No one better exemplifies the power of cross-channel musical experiences and promotion then the Huh, What and Where crew. The once Southern California, now global, collective of artists are the paradigm of online collaboration and ideation, an Apollian collective of full-stack artists who cross the territories occupied amongst designers, producers and managers. They began as a group of friends producing music out of their college dorm rooms, a bunch of 20-somethings just making music about “women, life & feeling (or lack thereof)”. As they describe it, it’s a label that’s been created by a artists for artists – “nothing too deep”. Nonetheless, their authenticity and packaging is so refreshing, their energy and output incredibly addictive.

Since 2010, I’ve been constantly impressed by their growth. Today, they boast a large and popular roster, featuring acts from New York City trapstar SWEATER BEATS to Australian beatsmith Ta-ku. In addition to the producers, there’s also the researchers, the DJs, the art directors and the bloggers who collaborate in order to make this all happen. Their music reminds of you good ole 90s R&B, something that often’s great for bumping while driving around town or chilling out with friends at the pad, while their style is something only the millennial generation could generate and remix.

One of the original artists out of the talented bunch is a producer named Bahwee, an artist known for delivering sexy downtempo and chill-hop tracks like Peach Flavored and Hard to Win (featured below).

While I could tell you his whole life story, or go on and on about how good his music is, I thought I’d just let the man speak for himself and share with you some of his thoughts around work and play.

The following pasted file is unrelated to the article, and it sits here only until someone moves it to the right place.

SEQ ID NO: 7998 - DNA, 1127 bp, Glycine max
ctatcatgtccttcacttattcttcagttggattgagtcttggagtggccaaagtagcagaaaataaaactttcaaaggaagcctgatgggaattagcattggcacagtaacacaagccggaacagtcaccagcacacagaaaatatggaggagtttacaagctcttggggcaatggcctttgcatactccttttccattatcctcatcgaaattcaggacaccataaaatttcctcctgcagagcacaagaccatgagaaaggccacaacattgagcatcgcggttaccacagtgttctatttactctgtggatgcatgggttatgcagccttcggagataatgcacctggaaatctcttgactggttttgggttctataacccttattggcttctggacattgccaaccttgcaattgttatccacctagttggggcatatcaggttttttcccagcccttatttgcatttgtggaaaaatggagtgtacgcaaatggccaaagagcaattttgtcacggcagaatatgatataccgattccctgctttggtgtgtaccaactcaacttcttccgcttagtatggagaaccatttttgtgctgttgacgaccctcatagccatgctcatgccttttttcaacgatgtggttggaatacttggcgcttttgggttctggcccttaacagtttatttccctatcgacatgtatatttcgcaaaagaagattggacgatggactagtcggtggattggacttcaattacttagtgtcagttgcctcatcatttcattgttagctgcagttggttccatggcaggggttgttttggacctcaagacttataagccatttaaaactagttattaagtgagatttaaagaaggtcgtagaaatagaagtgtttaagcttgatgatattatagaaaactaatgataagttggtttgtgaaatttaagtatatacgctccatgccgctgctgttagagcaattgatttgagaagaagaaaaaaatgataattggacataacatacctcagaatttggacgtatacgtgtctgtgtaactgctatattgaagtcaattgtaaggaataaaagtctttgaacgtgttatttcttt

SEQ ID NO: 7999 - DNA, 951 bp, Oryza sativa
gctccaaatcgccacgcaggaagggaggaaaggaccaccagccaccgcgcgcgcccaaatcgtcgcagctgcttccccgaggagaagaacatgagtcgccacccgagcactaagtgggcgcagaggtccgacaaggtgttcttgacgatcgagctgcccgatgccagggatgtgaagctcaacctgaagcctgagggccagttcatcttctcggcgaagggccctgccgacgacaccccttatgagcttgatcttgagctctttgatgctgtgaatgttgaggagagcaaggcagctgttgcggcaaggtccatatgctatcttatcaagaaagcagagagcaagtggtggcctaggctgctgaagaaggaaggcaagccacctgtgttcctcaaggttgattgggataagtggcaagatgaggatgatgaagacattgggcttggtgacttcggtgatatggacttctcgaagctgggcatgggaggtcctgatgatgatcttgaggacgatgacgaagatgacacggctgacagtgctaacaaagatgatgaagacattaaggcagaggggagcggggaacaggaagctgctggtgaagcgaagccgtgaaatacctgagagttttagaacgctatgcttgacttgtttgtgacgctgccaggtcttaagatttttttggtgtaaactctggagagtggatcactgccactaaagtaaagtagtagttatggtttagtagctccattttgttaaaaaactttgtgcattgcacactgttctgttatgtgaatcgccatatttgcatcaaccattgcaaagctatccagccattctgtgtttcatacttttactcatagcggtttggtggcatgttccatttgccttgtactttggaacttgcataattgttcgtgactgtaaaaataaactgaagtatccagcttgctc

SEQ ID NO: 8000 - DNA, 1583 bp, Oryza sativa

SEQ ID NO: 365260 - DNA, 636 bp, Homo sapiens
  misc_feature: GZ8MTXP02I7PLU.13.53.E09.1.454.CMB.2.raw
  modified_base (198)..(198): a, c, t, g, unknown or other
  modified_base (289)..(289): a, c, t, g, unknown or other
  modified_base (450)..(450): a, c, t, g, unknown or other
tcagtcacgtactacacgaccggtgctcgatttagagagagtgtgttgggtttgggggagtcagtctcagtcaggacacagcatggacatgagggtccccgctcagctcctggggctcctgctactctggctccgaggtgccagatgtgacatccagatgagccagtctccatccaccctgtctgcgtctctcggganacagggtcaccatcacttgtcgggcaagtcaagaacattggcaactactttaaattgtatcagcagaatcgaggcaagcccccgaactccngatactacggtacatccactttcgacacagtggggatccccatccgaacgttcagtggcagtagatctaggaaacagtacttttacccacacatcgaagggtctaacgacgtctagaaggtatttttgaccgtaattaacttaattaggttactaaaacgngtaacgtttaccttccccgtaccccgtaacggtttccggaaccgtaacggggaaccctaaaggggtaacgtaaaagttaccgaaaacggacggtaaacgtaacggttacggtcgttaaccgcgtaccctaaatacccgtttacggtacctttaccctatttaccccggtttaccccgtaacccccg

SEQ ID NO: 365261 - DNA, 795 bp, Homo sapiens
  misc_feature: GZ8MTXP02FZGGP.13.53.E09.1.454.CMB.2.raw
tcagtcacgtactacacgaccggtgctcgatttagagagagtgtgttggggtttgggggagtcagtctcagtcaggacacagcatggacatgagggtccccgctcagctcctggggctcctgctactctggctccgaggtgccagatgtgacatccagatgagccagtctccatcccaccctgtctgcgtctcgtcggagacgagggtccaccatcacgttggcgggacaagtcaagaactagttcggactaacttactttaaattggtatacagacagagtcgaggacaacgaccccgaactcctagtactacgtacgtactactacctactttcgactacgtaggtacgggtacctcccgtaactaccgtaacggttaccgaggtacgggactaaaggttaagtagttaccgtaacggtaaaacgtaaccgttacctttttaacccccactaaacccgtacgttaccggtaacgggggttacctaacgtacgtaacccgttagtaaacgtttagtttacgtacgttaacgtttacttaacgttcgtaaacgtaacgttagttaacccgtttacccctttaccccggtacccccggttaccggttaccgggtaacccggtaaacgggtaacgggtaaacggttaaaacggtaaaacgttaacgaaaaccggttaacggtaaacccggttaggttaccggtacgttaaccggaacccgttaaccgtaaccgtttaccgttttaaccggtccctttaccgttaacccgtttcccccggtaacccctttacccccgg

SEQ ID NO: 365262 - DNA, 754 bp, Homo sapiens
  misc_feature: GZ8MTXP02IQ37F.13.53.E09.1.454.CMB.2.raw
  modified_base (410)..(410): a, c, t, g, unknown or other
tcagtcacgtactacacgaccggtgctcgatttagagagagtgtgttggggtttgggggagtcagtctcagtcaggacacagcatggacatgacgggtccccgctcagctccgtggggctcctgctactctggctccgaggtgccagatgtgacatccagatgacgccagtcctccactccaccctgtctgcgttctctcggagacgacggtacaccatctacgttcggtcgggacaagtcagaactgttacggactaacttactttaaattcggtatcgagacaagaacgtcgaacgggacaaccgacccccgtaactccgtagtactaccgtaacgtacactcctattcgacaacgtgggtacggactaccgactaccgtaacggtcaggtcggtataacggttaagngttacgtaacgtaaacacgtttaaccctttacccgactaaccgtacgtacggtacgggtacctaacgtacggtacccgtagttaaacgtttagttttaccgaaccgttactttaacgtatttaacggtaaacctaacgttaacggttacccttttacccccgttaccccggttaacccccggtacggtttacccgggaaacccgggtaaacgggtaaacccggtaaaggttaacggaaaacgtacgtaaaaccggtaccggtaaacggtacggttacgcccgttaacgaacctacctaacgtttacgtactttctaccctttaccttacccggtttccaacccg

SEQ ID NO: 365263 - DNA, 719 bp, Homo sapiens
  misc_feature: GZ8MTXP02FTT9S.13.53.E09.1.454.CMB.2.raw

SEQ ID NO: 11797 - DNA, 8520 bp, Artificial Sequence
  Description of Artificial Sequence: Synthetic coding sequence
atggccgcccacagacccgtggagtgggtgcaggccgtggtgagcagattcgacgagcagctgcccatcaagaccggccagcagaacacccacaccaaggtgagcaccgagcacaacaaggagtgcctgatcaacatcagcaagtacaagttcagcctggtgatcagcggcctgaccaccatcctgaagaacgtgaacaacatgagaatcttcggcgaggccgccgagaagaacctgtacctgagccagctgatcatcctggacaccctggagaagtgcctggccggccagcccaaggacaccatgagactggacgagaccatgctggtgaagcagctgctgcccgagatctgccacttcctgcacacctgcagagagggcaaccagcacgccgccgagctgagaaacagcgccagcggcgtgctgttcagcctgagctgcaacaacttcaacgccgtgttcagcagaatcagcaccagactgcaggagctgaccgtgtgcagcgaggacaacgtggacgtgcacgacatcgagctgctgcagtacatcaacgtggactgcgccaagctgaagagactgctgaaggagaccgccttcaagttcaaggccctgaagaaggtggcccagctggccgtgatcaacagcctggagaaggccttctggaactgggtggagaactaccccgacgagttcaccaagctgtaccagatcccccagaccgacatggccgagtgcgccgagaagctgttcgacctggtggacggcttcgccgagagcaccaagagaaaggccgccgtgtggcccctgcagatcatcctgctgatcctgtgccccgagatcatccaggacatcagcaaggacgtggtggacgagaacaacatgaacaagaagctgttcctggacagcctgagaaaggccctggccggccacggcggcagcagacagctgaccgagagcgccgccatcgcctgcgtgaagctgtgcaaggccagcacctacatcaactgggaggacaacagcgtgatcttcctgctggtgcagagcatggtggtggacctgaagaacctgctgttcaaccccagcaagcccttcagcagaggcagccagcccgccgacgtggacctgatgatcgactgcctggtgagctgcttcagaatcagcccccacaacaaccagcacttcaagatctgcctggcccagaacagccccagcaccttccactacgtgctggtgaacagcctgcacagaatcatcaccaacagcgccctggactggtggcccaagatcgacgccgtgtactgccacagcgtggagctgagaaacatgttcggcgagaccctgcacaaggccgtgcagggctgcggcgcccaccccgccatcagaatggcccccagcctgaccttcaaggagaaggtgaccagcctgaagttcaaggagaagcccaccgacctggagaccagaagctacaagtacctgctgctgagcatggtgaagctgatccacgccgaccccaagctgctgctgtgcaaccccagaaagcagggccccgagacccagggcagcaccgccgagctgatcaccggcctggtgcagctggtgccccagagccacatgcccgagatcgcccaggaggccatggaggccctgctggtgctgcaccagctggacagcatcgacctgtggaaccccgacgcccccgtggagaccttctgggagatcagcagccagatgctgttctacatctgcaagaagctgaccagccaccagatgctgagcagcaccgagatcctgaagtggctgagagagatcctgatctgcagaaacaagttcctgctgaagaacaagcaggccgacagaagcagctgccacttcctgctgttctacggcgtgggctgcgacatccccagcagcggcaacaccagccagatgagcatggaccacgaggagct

Favorite artist right now?

HW&W, Wedidit, GBE, MMG, and Jeremih.

What’s the best type of place to produce?

A big table to put all my equipment on, a comfortable ass chair, mad inspiration covering the walls, and a lot of weed smoke in the air. Oh and boxes of Jordans laying around. This is my room, basically.

How important do you think focus is?

How important do I think focus is? It took me a couple years to understand what focus and “work” really means, but for an artist I think its everything. But just because your focused doesn’t mean people are gonna feel it though.

How do you know when it’s time to try something new?

I know when its time to try something new when I get bored, which happens often. I get over shit pretty quickly, almost too quickly.

What’s next for HW&W?

Man we are literally just getting started. 2013 will be a big year for us…we got a lot up our sleeves… Without giving too much away just expect more records, more merch, videos, shows, etc… 2013 will be the first year where as a label we start really putting it all together.

You can listen to HW&W releases on their bandcamp. Check out Bahwee’s music on soundcloud and like him on Facebook to follow his updates. Below, check out “Hard to Win” below: